What's next for our school systems? - KNOE 8 News; KNOE-TV; KNOE.com |

What's next for our school systems?

Posted: Updated:
MONROE, La. (KNOE 8 News) - Once a strong supporter of common core, Governor Jindal is pulling the plug on the Common Core standards in Louisiana

On Wednesday, the governor issued an executive order to remove Louisiana from Common Core and PARCC, a program to test these standards.  He's asking the state board of education, or BESE, to produce new standardized tests that are not associated with Common Core.

"There is no reason the department of education can't build on our already improving educational system, and come up with new standards to make it even better for our kids. The bottom line is this, Common Core is not been fully implemented yet in our state, we need to start this process over,” Jindal said.

 But can Governor Jindal do this legally? Superintendent John White says no.

White said Jindal needs two other signatures to pull out of the standards and PARCC. Those signatures are his and the president of the BESE board, Chas Roemer.  And both White and Roemer are strong supporters of Common Core.

So for anyone who's new to this, what is common core?

In 2009, the National Governor's Association decided there should be educational constancy across state lines.  This means a fifth grader in Louisiana should be on the same page as a fifth grader in New York. Louisiana didn't sign up for the Common Core until 2010 and only began implementation this past school year. Some students took the PARCC test, but only on a trial basis. Full implementation of Common Core and PARCC are scheduled for this year.

For now, it looks like the Common Core battle is at a stand-still. The governor's administrative office is going to stop funding PARCC until the contract can be reviewed.

Ronald Dunn  is what they call a teacher leader at Neville High School.  His responsibility is to ease the transition of Common Core in the classroom. He said if Common Core is done away with, teachers will lose two years of training.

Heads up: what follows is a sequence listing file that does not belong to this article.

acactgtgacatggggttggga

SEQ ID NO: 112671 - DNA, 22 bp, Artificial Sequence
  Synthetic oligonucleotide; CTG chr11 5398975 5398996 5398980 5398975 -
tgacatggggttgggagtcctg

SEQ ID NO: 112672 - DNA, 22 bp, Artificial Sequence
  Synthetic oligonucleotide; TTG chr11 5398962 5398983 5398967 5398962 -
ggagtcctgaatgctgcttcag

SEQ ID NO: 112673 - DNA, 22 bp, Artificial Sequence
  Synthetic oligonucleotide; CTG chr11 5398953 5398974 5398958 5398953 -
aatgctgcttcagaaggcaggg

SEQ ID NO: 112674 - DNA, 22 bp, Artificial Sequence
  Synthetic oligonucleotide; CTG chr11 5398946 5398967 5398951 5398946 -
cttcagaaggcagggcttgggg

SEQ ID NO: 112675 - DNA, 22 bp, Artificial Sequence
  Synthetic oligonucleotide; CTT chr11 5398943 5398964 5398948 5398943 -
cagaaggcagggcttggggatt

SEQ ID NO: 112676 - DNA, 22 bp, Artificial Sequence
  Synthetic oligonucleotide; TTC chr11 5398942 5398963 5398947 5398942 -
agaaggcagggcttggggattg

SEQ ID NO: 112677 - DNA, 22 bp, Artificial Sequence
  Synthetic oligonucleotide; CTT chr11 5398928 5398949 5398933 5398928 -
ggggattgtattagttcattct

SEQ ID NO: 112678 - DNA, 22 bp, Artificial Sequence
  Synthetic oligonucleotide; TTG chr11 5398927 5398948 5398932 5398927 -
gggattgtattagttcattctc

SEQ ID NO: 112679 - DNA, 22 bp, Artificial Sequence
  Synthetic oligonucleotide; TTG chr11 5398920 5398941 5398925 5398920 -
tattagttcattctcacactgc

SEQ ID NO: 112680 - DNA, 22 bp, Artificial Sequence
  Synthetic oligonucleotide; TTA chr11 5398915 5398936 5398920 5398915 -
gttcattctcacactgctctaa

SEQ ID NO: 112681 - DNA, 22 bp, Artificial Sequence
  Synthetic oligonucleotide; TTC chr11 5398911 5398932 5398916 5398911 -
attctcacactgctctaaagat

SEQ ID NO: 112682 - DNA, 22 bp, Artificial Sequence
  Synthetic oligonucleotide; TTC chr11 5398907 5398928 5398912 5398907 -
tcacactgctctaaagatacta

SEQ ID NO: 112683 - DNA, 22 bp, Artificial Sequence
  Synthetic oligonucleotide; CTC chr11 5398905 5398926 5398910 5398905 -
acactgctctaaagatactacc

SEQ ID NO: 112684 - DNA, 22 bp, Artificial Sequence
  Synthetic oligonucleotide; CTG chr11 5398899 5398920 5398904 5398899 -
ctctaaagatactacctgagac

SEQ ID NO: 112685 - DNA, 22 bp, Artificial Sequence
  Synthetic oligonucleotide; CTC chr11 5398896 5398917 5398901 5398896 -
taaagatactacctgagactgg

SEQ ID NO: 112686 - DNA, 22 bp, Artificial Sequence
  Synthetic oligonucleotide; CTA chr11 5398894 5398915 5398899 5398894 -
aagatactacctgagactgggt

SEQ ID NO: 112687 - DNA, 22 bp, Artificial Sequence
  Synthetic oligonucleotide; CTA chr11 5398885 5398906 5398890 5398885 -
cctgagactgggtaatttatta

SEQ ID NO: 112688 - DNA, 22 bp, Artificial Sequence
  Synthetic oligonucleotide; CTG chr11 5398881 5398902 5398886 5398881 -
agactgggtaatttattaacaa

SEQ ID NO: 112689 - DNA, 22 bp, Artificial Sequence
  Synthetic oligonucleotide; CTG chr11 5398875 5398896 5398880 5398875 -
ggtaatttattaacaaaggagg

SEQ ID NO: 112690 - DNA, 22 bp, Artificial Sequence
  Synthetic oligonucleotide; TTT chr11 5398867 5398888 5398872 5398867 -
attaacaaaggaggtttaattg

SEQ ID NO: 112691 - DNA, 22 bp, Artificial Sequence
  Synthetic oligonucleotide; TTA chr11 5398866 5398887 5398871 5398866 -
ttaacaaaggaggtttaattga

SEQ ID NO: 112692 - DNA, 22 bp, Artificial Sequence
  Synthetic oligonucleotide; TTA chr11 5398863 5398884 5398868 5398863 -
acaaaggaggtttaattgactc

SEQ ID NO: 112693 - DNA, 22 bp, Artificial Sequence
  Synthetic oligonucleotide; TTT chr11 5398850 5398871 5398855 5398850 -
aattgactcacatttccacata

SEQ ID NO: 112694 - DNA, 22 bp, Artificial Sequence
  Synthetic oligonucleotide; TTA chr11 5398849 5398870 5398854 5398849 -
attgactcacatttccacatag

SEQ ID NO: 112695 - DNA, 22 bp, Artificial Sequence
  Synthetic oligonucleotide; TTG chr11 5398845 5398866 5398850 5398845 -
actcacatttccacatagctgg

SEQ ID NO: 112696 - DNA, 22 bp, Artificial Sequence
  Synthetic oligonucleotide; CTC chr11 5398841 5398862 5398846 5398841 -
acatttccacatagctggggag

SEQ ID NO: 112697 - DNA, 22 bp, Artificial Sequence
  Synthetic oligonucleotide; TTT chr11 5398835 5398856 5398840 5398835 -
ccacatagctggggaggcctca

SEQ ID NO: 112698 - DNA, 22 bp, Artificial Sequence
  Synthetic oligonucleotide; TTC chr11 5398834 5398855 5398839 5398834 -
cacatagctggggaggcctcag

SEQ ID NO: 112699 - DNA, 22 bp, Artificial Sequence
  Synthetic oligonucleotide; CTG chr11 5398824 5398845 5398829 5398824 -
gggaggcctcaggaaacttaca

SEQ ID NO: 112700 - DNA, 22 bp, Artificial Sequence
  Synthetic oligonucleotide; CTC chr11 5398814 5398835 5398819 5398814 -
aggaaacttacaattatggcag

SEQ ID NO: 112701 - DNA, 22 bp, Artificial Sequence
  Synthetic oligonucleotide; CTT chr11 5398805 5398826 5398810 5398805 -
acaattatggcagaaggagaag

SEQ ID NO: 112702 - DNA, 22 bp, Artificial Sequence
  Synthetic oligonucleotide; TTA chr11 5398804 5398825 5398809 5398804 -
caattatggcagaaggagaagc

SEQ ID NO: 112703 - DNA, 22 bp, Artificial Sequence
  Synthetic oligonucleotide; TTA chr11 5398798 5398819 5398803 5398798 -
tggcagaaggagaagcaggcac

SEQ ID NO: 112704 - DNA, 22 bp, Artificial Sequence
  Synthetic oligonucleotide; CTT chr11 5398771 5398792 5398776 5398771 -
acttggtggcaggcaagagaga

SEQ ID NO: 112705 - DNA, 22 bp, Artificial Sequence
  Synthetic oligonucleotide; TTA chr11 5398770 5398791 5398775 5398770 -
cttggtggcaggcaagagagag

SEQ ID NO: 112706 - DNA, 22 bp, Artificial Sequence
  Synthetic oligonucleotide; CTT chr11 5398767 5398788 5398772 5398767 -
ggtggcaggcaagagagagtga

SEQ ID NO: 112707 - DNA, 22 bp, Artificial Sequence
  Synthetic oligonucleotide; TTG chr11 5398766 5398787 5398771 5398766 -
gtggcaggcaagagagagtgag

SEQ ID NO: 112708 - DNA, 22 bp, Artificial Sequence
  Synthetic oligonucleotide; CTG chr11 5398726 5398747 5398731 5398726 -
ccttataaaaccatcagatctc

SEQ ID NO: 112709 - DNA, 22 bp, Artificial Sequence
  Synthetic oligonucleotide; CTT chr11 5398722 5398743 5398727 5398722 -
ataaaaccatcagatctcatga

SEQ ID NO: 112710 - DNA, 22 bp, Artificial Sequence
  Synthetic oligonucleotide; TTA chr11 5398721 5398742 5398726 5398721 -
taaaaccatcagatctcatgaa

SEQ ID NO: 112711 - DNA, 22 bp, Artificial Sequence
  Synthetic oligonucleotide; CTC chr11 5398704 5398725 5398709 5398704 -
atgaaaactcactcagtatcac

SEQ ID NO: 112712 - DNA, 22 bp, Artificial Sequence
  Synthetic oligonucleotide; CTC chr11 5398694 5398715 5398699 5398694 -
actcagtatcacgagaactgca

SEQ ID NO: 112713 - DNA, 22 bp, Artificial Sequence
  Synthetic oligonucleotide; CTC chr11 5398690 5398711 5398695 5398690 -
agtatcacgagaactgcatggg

"The students will lose the teachers implementing those standards in such a way that would raise their level of comprehension," Dunn said.

 Dunn also says the Obama administration has put money toward Common Core, but doesn't control it.

 "It is a state based thing the states wrote it. The states adopted it. The teachers and districts decide what curriculum they use to implement the standards," Dunn said.  

Superintendent White said it’s unfortunate that teachers and  educations are in the middle of this political whirlwind. In fact he calls it noise coming out of Baton Rouge.

"I know that that doesn't feel good if you are parent whose children are in school or a teacher who is trying to get ready for the next school year. At the same time they should know that our state board and our department are committed to seeing the plan through that we started four years ago,” White said.

Dunn  said he doesn't know what's  going to happen, but he doesn't believe the state should go back to what it had been doing.

"Last I checked we are number 49. Why would we continue doing the things that have put us 49th," Dunn said.  

 At this point, one thing is for sure, no one knows what standards will be taught when students go back to school in August. 
Powered by WorldNow
All content © Copyright 2000 - 2014 WorldNow and KNOE. All Rights Reserved.
For more information on this site, please read our Privacy Policy and Terms of Service.